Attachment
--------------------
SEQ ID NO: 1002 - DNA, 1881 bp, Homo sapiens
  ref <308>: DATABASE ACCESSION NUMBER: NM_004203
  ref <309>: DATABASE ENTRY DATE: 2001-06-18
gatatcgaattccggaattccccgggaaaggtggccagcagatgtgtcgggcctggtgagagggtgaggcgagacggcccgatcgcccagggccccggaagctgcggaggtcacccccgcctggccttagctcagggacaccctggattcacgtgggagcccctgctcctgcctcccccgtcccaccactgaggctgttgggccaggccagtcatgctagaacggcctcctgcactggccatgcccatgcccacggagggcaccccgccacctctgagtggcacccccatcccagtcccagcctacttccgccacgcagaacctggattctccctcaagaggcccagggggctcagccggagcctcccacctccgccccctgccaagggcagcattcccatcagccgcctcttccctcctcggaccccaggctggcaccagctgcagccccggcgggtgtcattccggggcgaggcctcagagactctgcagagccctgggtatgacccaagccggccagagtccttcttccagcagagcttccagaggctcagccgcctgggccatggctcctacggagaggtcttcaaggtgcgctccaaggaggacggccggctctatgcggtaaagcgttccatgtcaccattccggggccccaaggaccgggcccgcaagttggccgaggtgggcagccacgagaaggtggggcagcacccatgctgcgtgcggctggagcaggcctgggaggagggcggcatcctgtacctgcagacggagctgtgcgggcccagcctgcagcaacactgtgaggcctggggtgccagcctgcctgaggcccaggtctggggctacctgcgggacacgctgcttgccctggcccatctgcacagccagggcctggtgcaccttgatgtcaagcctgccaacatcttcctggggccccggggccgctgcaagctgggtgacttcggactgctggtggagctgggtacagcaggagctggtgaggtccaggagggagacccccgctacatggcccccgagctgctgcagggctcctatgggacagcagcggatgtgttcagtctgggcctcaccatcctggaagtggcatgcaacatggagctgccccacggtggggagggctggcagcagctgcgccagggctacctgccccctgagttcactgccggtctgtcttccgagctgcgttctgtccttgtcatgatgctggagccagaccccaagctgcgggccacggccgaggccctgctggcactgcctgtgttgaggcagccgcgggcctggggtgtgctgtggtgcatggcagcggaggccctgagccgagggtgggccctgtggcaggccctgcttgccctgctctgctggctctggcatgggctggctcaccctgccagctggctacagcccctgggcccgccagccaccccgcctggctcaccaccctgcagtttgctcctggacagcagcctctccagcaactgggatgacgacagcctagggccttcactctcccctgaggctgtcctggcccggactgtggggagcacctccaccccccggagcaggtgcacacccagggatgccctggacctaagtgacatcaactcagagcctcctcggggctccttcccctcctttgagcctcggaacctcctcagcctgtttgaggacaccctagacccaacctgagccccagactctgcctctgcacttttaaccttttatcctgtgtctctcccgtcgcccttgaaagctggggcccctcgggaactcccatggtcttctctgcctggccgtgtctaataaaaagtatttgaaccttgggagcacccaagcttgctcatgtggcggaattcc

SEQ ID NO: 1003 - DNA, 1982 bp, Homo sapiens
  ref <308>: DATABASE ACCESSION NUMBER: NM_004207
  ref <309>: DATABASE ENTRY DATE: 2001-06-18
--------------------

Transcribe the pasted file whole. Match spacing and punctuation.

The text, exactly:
SEQ ID NO: 1002 - DNA, 1881 bp, Homo sapiens
  ref <308>: DATABASE ACCESSION NUMBER: NM_004203
  ref <309>: DATABASE ENTRY DATE: 2001-06-18
gatatcgaattccggaattccccgggaaaggtggccagcagatgtgtcgggcctggtgagagggtgaggcgagacggcccgatcgcccagggccccggaagctgcggaggtcacccccgcctggccttagctcagggacaccctggattcacgtgggagcccctgctcctgcctcccccgtcccaccactgaggctgttgggccaggccagtcatgctagaacggcctcctgcactggccatgcccatgcccacggagggcaccccgccacctctgagtggcacccccatcccagtcccagcctacttccgccacgcagaacctggattctccctcaagaggcccagggggctcagccggagcctcccacctccgccccctgccaagggcagcattcccatcagccgcctcttccctcctcggaccccaggctggcaccagctgcagccccggcgggtgtcattccggggcgaggcctcagagactctgcagagccctgggtatgacccaagccggccagagtccttcttccagcagagcttccagaggctcagccgcctgggccatggctcctacggagaggtcttcaaggtgcgctccaaggaggacggccggctctatgcggtaaagcgttccatgtcaccattccggggccccaaggaccgggcccgcaagttggccgaggtgggcagccacgagaaggtggggcagcacccatgctgcgtgcggctggagcaggcctgggaggagggcggcatcctgtacctgcagacggagctgtgcgggcccagcctgcagcaacactgtgaggcctggggtgccagcctgcctgaggcccaggtctggggctacctgcgggacacgctgcttgccctggcccatctgcacagccagggcctggtgcaccttgatgtcaagcctgccaacatcttcctggggccccggggccgctgcaagctgggtgacttcggactgctggtggagctgggtacagcaggagctggtgaggtccaggagggagacccccgctacatggcccccgagctgctgcagggctcctatgggacagcagcggatgtgttcagtctgggcctcaccatcctggaagtggcatgcaacatggagctgccccacggtggggagggctggcagcagctgcgccagggctacctgccccctgagttcactgccggtctgtcttccgagctgcgttctgtccttgtcatgatgctggagccagaccccaagctgcgggccacggccgaggccctgctggcactgcctgtgttgaggcagccgcgggcctggggtgtgctgtggtgcatggcagcggaggccctgagccgagggtgggccctgtggcaggccctgcttgccctgctctgctggctctggcatgggctggctcaccctgccagctggctacagcccctgggcccgccagccaccccgcctggctcaccaccctgcagtttgctcctggacagcagcctctccagcaactgggatgacgacagcctagggccttcactctcccctgaggctgtcctggcccggactgtggggagcacctccaccccccggagcaggtgcacacccagggatgccctggacctaagtgacatcaactcagagcctcctcggggctccttcccctcctttgagcctcggaacctcctcagcctgtttgaggacaccctagacccaacctgagccccagactctgcctctgcacttttaaccttttatcctgtgtctctcccgtcgcccttgaaagctggggcccctcgggaactcccatggtcttctctgcctggccgtgtctaataaaaagtatttgaaccttgggagcacccaagcttgctcatgtggcggaattcc

SEQ ID NO: 1003 - DNA, 1982 bp, Homo sapiens
  ref <308>: DATABASE ACCESSION NUMBER: NM_004207
  ref <309>: DATABASE ENTRY DATE: 2001-06-18